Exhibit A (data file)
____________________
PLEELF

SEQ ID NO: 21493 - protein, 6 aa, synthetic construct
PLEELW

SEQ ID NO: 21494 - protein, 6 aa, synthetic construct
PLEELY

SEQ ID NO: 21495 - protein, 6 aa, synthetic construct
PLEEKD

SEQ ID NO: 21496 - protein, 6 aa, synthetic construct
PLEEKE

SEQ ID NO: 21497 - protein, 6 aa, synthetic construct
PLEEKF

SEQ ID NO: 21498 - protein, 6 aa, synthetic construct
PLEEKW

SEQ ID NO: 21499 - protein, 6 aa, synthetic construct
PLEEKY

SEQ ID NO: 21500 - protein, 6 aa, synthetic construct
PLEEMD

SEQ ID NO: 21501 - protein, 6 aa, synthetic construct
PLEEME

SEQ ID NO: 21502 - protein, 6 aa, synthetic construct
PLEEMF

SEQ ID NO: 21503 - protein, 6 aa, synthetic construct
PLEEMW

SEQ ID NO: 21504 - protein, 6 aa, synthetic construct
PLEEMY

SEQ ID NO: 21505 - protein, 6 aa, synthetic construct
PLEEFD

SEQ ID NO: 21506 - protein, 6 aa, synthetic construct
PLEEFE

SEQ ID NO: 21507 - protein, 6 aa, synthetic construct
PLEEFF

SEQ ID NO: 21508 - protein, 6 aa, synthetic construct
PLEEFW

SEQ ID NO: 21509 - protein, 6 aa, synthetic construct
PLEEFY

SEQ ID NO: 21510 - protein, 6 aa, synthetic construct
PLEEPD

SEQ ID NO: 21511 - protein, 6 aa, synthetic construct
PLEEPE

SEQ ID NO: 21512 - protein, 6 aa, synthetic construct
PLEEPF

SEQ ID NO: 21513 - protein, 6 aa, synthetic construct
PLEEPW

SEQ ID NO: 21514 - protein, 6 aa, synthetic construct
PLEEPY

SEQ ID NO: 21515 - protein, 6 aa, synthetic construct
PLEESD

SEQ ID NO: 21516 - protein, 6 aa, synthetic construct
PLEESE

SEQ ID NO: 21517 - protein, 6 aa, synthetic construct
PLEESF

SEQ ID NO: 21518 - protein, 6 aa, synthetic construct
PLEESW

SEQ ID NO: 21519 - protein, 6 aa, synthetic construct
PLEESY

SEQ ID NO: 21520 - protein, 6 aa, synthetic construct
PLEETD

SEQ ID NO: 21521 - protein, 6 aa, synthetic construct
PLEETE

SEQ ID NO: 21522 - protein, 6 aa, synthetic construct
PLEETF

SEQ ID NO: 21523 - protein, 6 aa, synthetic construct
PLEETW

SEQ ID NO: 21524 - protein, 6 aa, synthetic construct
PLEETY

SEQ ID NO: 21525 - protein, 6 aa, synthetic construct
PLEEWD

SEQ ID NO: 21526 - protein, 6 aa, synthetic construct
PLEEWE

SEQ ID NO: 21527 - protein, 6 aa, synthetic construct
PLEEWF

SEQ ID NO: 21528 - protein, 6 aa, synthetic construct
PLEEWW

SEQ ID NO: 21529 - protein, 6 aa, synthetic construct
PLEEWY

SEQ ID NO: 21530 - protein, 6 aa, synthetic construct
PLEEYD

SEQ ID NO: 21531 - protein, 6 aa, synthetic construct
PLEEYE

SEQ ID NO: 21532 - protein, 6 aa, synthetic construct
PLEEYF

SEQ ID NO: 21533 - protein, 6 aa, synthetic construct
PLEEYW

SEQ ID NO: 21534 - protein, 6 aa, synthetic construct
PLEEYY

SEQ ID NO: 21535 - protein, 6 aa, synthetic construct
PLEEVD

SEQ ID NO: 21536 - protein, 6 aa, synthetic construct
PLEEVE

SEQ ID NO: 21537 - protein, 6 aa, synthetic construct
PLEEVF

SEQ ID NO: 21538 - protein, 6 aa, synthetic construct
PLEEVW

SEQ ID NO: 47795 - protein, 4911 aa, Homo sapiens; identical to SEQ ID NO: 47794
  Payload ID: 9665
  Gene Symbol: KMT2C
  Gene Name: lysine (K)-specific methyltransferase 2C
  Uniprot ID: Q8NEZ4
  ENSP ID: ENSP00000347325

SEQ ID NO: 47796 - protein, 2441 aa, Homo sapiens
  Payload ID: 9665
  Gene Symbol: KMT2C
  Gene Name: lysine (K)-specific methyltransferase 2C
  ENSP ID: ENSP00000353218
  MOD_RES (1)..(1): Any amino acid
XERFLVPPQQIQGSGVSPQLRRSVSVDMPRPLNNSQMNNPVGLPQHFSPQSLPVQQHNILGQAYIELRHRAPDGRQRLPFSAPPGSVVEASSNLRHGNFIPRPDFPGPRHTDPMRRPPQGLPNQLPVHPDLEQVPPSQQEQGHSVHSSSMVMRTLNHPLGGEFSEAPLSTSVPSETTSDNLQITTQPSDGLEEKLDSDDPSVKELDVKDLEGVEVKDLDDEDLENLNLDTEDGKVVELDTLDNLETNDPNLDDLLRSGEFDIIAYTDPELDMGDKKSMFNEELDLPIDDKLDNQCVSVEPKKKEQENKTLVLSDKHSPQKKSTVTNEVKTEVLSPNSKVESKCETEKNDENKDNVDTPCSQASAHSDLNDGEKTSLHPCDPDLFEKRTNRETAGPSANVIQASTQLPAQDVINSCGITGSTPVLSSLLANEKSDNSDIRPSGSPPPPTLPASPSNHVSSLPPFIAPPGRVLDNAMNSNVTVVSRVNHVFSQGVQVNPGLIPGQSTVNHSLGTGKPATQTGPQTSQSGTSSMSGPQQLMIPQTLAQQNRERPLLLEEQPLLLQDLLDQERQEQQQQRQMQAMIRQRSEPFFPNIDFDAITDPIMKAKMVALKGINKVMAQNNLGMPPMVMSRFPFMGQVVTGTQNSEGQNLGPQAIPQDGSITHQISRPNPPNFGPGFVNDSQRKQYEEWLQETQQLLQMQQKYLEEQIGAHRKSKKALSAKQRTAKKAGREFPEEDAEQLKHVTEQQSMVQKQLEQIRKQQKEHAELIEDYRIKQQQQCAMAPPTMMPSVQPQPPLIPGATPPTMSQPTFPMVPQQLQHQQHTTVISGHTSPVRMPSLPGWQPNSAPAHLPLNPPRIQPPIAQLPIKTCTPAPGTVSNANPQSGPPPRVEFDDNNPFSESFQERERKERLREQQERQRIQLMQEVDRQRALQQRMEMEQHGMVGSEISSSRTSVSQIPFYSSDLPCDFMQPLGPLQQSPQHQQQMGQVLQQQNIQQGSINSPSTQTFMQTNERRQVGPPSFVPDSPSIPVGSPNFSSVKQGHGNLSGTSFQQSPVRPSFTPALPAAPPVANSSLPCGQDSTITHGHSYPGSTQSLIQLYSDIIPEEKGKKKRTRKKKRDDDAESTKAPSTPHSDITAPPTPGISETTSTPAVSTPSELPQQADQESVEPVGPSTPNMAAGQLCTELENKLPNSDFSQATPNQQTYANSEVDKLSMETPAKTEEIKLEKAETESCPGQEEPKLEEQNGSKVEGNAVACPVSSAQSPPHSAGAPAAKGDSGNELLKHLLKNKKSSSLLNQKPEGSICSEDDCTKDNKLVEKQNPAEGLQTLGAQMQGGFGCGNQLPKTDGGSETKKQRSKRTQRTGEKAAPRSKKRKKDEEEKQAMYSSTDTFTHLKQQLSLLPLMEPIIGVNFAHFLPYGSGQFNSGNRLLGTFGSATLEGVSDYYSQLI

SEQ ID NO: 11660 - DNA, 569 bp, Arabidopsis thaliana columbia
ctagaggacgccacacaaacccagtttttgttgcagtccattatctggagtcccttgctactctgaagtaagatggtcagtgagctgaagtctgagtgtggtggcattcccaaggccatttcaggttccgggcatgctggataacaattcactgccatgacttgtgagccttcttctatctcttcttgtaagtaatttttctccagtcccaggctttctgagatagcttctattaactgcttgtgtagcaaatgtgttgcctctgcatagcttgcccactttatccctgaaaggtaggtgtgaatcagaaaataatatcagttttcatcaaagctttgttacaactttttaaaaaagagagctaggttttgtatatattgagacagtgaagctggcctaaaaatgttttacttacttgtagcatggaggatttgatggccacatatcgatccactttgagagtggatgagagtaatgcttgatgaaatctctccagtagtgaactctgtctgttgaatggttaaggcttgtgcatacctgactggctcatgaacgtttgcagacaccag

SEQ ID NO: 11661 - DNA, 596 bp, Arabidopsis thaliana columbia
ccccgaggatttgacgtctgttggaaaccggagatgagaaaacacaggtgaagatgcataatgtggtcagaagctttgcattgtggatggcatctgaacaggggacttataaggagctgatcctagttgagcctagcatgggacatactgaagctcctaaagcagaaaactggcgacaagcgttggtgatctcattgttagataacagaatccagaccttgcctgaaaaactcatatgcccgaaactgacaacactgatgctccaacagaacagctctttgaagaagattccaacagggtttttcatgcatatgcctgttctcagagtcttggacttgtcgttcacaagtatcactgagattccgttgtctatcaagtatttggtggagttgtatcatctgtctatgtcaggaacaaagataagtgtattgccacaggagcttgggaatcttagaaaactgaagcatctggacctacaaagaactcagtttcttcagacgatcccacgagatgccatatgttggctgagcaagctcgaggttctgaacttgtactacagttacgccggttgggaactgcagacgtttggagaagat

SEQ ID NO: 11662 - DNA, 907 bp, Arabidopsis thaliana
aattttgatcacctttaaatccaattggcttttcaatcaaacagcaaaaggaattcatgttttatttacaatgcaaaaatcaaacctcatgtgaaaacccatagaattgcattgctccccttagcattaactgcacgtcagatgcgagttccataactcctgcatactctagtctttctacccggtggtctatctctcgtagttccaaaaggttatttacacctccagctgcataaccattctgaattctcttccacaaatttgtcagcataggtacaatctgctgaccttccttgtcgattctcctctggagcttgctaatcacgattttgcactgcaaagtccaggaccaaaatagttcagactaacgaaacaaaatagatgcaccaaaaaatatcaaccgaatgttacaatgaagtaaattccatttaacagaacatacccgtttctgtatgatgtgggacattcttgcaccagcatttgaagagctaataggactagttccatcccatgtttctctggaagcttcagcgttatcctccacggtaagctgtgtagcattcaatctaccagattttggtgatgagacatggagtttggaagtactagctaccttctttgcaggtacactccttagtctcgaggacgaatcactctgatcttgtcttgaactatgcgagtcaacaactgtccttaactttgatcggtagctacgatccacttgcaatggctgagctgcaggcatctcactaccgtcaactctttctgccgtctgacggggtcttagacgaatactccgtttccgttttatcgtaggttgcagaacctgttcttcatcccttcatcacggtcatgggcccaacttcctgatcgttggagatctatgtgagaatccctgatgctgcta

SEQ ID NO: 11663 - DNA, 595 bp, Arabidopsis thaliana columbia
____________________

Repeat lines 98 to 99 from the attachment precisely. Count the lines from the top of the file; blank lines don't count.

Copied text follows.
  Uniprot ID: Q8NEZ4
  ENSP ID: ENSP00000347325